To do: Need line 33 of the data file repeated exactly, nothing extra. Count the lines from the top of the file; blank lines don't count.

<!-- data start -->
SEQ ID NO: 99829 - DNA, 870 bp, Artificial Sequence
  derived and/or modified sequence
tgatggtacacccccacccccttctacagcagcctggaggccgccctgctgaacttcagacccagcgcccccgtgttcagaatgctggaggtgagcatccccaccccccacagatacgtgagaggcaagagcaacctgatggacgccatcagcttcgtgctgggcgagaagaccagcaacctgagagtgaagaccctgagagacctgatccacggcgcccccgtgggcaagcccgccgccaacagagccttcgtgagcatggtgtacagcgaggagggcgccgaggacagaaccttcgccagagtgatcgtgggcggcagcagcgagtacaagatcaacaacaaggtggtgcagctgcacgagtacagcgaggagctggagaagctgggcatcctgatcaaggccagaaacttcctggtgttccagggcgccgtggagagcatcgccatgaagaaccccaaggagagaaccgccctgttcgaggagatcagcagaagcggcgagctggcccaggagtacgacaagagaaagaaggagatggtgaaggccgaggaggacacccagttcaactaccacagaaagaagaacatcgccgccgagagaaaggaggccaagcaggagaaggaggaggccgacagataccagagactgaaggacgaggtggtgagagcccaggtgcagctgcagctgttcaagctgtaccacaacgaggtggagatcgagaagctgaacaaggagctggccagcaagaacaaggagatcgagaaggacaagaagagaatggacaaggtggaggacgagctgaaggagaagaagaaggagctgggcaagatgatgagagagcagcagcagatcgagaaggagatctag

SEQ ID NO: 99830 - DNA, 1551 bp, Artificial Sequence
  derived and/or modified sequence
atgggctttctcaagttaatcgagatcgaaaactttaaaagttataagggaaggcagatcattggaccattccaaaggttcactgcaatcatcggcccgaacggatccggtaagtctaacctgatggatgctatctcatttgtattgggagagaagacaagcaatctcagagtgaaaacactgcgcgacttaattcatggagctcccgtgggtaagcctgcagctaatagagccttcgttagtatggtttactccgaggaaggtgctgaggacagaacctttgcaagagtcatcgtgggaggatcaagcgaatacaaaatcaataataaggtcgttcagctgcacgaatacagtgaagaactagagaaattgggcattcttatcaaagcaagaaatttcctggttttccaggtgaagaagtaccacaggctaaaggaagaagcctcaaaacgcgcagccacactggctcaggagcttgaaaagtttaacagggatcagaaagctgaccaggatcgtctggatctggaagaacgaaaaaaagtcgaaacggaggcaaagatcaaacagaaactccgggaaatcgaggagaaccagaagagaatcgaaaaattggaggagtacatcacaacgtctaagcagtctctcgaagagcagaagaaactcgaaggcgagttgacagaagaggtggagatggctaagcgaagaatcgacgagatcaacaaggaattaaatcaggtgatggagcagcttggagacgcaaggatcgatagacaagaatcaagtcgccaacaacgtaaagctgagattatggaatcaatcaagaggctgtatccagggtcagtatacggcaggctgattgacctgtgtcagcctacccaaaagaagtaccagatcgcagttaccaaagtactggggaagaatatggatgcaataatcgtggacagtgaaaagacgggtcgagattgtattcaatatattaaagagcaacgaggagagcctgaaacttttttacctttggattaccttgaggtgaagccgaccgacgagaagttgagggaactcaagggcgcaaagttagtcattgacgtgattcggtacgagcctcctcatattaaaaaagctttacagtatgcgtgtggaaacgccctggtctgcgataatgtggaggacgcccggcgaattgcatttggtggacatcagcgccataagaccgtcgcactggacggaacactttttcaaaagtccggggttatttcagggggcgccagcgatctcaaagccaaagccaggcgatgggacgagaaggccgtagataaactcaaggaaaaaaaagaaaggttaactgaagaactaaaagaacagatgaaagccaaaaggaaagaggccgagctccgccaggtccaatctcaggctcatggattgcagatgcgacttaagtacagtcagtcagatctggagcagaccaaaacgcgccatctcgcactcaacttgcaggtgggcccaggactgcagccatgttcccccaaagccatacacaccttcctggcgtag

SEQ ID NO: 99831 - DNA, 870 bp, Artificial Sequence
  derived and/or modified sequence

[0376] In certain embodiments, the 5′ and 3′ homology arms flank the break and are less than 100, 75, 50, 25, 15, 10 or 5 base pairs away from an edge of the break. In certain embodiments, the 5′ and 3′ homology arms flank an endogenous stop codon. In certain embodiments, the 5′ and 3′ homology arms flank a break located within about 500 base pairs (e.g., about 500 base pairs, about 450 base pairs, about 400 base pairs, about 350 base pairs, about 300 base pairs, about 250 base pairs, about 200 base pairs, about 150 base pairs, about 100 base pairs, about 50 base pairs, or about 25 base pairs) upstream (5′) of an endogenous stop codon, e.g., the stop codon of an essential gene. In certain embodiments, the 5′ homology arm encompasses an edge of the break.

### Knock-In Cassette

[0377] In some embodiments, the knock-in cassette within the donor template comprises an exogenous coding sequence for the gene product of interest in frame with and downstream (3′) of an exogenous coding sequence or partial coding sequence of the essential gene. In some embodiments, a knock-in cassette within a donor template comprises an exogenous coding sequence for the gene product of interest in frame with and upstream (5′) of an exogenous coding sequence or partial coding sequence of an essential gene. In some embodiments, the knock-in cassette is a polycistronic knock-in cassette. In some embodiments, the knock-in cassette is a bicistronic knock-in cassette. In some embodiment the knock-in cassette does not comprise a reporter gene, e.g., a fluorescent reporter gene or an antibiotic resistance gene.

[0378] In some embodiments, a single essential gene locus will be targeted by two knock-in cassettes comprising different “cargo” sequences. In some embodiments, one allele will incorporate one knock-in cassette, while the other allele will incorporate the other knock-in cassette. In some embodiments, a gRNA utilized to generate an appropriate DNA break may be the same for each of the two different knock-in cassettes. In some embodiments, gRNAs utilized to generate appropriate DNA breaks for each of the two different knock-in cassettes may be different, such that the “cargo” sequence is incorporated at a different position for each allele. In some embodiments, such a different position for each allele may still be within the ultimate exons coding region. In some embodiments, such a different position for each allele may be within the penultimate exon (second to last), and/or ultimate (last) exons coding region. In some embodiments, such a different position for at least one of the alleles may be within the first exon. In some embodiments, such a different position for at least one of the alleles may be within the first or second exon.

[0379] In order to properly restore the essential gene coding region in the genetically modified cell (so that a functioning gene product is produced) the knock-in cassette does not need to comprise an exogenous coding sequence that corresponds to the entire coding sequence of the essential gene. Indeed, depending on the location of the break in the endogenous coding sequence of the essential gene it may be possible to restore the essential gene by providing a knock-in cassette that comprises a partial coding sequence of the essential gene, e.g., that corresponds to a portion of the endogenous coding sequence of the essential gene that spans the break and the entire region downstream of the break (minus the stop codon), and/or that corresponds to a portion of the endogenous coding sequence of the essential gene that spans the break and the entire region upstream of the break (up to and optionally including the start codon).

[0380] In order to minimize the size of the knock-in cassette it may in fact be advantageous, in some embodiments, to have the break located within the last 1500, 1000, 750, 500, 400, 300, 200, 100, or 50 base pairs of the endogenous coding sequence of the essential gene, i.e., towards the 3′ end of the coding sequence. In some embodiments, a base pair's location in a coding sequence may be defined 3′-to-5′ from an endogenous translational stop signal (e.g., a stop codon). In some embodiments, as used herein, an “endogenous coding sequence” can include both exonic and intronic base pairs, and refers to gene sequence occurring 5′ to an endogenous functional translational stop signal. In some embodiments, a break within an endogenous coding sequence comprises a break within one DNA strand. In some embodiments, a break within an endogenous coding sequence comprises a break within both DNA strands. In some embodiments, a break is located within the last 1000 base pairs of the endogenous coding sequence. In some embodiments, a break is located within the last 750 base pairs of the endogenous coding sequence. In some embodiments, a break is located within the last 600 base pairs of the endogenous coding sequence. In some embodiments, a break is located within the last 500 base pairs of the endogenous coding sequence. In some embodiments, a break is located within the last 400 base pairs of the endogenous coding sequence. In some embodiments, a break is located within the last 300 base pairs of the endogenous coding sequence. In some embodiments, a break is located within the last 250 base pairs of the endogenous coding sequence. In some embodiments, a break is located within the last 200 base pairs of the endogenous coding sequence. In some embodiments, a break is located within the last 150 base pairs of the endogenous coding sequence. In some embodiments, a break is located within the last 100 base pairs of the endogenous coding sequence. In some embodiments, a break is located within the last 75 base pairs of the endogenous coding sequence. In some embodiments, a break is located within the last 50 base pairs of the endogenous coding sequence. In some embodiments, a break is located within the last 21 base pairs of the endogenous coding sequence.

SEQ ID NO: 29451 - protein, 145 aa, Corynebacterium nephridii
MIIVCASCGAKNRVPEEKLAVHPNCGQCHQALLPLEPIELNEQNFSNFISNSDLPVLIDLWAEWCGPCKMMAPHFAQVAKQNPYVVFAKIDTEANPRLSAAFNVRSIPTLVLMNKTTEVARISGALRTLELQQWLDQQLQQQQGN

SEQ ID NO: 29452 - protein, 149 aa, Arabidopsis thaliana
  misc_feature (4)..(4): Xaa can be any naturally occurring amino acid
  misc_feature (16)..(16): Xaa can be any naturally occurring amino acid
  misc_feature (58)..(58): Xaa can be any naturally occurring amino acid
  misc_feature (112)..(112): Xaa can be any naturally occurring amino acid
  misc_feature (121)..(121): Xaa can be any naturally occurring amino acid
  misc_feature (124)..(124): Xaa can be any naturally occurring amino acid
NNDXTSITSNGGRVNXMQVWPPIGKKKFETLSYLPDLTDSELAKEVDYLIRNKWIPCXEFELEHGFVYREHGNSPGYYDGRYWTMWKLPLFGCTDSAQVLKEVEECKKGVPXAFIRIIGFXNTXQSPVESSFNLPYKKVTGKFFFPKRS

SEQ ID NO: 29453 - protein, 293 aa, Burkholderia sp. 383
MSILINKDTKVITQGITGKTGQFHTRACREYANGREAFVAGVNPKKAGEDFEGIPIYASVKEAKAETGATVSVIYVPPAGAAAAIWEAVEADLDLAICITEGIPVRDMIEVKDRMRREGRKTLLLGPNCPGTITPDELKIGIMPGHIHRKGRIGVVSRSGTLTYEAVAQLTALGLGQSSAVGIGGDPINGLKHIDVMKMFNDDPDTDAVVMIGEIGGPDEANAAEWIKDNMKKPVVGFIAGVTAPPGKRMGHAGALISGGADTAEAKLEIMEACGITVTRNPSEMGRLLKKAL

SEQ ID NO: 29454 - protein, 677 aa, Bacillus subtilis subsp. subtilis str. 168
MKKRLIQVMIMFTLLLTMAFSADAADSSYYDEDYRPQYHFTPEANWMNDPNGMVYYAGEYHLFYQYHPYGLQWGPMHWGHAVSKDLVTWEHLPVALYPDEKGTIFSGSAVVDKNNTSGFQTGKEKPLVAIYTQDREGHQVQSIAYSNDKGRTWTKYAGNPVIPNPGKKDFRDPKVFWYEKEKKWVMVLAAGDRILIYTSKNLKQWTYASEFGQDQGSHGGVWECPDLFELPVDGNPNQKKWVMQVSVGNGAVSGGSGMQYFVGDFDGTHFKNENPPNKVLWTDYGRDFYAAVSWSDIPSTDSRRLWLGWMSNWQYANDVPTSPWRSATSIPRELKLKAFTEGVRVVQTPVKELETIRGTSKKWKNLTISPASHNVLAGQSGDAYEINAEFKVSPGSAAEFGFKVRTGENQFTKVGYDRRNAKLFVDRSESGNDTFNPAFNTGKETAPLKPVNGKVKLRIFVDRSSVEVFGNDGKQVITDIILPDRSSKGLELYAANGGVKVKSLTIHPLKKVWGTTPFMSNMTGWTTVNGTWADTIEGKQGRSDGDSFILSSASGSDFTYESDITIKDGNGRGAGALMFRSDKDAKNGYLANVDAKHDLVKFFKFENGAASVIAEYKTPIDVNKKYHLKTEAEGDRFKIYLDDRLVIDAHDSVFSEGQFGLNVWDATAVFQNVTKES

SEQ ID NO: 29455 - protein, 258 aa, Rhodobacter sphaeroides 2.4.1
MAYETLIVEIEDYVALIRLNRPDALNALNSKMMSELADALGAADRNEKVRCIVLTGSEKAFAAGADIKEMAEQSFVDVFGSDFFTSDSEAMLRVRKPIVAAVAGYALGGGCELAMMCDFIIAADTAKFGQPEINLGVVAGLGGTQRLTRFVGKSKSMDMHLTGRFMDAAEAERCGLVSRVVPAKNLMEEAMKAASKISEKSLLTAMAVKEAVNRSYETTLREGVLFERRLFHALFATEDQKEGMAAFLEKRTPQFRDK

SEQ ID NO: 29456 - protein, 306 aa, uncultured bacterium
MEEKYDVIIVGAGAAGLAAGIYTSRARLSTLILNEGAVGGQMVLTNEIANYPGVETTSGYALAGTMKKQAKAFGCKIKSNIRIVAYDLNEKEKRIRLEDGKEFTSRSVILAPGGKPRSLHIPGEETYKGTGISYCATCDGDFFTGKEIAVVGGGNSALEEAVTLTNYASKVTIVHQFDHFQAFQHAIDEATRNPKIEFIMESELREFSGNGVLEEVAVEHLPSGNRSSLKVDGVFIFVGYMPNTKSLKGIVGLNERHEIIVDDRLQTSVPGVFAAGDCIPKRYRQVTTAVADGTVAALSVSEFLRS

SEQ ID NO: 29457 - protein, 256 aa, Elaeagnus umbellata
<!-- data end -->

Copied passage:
SEQ ID NO: 29457 - protein, 256 aa, Elaeagnus umbellata